Harold Alan Pincus, MD; Herbert Sacks, MD
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Pincus HA, Sacks H. Depression and Primary Care. Ann Intern Med. 1997;127:654. doi: 10.7326/0003-4819-127-8_Part_1-199710150-00022
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Published: Ann Intern Med. 1997;127(8_Part_1):654.
TO THE EDITOR:
Dr. Kroenke, in his recent editorial , clearly and sensitively lays out the crux of the issue of the role of primary care physicians in diagnosing and treating depression. On the one hand, depression is common, costly, and disabling; it is also poorly detected and treated in primary care settings. On the other hand, the diagnosis of depression, particularly in persons with comorbid general medical conditions, is complex, takes time, and often requires more frequent observation and follow-up. Recognizing and treating depression in primary care is also complicated by the fact that primary care physicians have many other conditions knocking on their doors. They must attend to the full array of medical problems that their patients manifest or might manifest, from neurologic symptoms to cardiovascular disorders to dermatologic problems, and at the same time they must implement the latest recommendations for prevention. In other words, there is no free lunch.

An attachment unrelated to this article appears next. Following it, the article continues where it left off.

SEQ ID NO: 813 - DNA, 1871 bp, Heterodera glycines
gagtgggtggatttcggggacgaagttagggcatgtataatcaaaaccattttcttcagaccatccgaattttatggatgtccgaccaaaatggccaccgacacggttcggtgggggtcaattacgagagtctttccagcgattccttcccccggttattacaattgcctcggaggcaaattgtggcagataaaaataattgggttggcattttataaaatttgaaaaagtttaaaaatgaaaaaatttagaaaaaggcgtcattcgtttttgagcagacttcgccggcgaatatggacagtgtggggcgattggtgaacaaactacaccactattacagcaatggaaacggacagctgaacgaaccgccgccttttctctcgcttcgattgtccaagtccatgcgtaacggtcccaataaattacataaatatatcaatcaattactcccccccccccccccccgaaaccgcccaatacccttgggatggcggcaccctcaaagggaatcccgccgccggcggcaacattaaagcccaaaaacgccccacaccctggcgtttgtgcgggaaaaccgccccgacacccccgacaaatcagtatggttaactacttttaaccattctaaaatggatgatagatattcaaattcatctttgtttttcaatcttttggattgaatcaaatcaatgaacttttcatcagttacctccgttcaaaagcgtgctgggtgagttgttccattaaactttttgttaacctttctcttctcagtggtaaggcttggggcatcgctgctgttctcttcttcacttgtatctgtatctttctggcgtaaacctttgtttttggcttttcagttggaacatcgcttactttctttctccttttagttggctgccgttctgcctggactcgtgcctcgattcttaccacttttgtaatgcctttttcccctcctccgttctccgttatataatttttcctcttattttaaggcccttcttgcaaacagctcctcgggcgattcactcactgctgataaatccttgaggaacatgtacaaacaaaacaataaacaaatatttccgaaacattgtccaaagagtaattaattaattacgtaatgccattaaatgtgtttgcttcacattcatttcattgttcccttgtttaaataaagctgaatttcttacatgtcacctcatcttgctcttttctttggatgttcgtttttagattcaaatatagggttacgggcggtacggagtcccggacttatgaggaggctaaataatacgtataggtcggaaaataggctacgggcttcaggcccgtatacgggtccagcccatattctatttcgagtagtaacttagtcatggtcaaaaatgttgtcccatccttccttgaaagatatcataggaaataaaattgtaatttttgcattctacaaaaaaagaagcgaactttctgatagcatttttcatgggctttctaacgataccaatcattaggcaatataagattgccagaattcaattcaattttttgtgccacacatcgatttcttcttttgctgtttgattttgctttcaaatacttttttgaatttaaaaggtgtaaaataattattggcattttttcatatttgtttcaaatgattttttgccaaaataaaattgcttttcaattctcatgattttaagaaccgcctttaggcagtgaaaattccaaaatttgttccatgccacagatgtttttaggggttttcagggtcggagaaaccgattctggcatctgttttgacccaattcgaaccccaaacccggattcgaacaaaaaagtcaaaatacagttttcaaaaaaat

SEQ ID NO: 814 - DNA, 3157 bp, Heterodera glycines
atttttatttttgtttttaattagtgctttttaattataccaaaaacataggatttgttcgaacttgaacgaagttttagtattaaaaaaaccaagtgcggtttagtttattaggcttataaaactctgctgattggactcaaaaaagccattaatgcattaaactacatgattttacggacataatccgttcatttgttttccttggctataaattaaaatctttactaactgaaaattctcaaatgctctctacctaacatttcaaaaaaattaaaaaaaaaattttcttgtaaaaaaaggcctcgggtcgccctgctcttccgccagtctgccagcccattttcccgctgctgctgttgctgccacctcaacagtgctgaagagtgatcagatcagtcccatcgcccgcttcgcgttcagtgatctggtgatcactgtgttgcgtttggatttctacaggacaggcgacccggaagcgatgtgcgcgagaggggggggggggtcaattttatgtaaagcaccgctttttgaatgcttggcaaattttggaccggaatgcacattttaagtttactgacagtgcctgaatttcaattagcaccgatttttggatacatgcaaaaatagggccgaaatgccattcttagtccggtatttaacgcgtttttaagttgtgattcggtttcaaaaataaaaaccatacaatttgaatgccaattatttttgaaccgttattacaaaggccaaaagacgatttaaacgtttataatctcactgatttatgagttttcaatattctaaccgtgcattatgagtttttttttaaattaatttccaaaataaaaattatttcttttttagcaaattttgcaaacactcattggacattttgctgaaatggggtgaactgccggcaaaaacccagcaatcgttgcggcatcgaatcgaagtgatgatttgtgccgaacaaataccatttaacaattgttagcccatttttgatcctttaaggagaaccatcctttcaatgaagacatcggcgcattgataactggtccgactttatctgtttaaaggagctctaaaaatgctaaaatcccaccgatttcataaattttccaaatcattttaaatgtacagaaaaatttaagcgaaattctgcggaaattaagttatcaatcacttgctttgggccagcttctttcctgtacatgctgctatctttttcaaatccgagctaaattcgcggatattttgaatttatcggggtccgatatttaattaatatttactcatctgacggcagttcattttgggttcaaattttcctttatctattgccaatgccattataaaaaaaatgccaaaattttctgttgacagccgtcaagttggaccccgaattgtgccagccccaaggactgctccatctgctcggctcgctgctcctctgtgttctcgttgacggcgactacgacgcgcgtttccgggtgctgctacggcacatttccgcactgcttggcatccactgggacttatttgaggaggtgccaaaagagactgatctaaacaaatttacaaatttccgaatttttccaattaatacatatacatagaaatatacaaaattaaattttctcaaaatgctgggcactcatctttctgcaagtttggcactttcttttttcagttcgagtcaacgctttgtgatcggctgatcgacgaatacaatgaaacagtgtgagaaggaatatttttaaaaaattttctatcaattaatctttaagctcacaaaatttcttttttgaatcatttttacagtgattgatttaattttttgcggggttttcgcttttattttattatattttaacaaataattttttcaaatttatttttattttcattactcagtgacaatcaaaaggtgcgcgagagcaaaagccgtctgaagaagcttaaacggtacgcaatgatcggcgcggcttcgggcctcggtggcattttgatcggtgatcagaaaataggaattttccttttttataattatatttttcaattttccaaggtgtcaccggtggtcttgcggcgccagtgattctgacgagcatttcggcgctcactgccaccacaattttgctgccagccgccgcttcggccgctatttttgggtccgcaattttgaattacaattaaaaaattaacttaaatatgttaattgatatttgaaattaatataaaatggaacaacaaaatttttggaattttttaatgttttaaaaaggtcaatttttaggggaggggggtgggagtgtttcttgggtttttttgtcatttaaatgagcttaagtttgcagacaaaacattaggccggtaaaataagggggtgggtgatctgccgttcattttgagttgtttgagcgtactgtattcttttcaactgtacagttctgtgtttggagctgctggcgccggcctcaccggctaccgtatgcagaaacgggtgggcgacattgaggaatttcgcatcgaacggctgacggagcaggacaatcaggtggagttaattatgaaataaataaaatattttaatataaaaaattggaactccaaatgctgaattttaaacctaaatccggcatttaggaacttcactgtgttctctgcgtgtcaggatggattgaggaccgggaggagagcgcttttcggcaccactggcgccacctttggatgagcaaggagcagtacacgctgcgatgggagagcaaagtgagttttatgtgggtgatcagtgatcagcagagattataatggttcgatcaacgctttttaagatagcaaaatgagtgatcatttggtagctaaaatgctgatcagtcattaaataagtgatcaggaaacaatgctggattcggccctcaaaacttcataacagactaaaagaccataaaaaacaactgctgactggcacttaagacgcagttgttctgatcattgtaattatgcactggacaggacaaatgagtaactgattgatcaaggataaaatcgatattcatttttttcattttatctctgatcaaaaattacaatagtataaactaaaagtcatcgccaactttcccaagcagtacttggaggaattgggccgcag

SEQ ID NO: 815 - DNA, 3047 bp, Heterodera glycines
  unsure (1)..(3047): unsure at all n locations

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Print ISSN: 0003-4819 | Online ISSN: 1539-3704
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